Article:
New Delhi, Sep 27 (UNI) The Centre today took exception to the denigration of Parliament by the petitioners opposing the government policy of providing 27 per cent reservation to OBCs in admission to centrally run educational institutions of higer learning, during the hearing of the case in the Supreme Court.
Solicitor General GE Vahanvati contended before a five-judge constitution bench headed by Chief Justice KG Balakrishnan that the allegations of senior counsel Rajiv Dhawan who had contended, while arguing for petitioners, that the issue of providing reservation was never properly debated in Parliament and was passed without any discussion was an attempt to denigrate Parliament. Other judges on the bench were Justices Arijit Pasayat, CK Thakker, RV Ravindran and Dalveer Bhandari.
Mr Vahanvati contended before the Supreme Court ''attempt to denigrate an institution like Parliament must not be tolerated at all.'' The Centre also contended before the Supreme Court that the government had conducted a detailed study before introducing the bill in Parliament for providing reservation covering 84 central government run institutions like IITs, IIMs and Post Graduate Medical Science courses.
According to the Solicitor General, the oversight committee was appointed by Prime Minister Manmohan Singh and every care was taken to see that the interests of general category candidates were not adversely affected as a result of the new quota policy of the government and adequate provision was made for increasing the seats in institutions of advanced studies to accomodate OBCs.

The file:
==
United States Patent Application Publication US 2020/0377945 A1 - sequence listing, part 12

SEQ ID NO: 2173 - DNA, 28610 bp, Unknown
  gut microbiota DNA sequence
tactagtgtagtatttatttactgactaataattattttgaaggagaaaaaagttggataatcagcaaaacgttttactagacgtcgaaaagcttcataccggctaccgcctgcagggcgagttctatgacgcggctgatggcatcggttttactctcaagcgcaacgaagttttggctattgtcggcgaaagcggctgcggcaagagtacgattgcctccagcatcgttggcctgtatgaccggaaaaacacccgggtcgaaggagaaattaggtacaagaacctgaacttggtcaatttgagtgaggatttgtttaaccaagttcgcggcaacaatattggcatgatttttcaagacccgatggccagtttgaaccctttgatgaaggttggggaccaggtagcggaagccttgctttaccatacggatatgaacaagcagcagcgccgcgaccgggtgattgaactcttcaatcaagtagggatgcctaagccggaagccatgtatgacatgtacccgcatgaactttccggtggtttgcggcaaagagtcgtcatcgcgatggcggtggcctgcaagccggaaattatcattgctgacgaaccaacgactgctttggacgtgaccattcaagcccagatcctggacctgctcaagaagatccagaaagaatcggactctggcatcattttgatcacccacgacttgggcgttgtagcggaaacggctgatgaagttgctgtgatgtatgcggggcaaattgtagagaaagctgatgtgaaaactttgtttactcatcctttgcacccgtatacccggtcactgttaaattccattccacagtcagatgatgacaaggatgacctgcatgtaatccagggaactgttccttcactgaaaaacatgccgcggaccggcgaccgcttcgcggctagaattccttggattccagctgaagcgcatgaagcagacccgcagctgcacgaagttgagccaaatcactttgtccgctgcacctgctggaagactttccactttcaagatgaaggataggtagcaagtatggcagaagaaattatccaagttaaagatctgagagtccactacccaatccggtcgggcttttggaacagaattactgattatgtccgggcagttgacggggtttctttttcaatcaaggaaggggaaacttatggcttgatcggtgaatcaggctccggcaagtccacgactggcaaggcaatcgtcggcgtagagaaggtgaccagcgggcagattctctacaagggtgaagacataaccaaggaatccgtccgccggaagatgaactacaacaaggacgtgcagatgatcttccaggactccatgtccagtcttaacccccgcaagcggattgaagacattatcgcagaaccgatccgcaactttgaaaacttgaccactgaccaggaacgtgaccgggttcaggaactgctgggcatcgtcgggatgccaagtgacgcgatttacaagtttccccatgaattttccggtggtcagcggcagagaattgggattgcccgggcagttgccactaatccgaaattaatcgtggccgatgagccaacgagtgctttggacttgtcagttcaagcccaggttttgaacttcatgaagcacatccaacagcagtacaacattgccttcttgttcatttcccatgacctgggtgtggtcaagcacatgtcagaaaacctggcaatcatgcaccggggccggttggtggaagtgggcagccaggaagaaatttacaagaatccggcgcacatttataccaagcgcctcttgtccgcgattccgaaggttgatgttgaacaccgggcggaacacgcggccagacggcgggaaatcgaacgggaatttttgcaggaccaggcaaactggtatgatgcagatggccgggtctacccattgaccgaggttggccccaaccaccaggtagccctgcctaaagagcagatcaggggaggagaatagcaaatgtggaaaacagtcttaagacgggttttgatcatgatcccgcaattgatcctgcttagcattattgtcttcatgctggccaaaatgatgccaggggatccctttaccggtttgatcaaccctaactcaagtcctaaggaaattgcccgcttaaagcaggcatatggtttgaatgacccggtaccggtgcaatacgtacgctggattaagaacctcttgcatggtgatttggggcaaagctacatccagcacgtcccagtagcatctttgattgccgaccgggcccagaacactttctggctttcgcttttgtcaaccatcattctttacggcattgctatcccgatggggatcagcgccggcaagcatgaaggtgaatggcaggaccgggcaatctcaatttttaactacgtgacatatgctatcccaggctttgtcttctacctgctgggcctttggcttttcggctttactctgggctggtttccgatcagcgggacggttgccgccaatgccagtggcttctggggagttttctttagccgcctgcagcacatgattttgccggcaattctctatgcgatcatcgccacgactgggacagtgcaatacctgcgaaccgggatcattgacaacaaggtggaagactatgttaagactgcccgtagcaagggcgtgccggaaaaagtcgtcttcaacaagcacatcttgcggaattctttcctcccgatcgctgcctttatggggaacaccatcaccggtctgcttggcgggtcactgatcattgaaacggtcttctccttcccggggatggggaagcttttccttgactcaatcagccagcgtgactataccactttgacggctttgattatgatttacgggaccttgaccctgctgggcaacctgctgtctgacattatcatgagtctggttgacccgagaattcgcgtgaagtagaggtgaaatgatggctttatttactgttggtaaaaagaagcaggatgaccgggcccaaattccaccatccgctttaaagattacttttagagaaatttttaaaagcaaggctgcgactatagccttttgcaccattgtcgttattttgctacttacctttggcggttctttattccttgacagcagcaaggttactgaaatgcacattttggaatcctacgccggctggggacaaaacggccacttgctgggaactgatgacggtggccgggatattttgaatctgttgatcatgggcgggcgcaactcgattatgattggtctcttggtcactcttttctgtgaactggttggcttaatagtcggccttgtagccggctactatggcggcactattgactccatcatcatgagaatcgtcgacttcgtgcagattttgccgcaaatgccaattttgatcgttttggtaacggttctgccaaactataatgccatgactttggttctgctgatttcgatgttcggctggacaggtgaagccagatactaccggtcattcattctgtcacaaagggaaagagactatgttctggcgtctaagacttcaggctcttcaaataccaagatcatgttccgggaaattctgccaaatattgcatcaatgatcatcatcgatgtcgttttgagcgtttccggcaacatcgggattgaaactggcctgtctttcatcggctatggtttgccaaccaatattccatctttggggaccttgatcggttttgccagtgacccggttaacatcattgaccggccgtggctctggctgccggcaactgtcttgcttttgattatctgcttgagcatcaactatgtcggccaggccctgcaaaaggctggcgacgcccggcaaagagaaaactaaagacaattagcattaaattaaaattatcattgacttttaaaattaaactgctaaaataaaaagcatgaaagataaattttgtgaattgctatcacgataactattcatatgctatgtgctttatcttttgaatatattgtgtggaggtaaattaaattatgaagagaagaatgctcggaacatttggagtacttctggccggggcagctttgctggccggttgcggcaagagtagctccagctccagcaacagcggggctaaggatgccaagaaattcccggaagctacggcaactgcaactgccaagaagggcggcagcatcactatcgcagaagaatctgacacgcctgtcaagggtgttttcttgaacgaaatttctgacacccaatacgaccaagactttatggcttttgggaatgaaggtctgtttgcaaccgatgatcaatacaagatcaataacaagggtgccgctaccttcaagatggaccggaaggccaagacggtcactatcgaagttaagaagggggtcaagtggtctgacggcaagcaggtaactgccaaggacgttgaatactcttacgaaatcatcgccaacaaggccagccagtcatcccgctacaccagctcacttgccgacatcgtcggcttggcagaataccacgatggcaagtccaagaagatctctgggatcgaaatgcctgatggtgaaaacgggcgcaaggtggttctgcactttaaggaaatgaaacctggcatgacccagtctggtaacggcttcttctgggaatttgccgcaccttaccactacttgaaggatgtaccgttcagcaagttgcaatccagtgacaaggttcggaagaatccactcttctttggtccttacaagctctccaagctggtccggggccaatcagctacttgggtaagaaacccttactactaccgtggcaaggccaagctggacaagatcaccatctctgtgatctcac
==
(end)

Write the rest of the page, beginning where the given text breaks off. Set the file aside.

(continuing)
He also contended that the issue of exclusion of creamy layer from the benefits of reservation policy was not considered by the oversight committee. According to the government, income was the main criterion for determining of creamy layer and the government was also making an all out effort to see that the high school enrolment of OBCs also increased significantly so that they too became eligible for admission to institutions of higher learning. He also argued that India had the potential of becoming a learned society in future and the reservations were imperative for uplift of OBCs who have been subjected to oppression for centuries together in the name of caste and unequals have to be treated unequally to make them equal and for that protective discrimination was necessary.
The Solicitor General concluded his arguments justifying the provision for 27 per cent reservation for OBCs in educational institutions so that country's youth did not become a social liability for the nation. He also strongly condemned the attempts to denigrate Parliament in the garb of lifting of legislative veil. The petitioners have been opposing the government notification issued in January this year on the ground that caste based quota policy would divide the Indian society along caste lines and it would also affect the administrative efficiency. They have been pleading that the government had not done any home work to identify the beneficiaries of reservation policy and economic backwardness should be the sole criterion for providing reservation.
The government had, however, been justifying and defending its policy on the ground that the caste based quota policy was in conformity with the concept of social justice and was in the interest of the principle of equity to all segments of society.
The government concluded its arguments today. Senior counsel K Parasan will begin his arguments on behalf of state of Tamil Nadu which is also supporting the reservation policy of the Central government on October 3.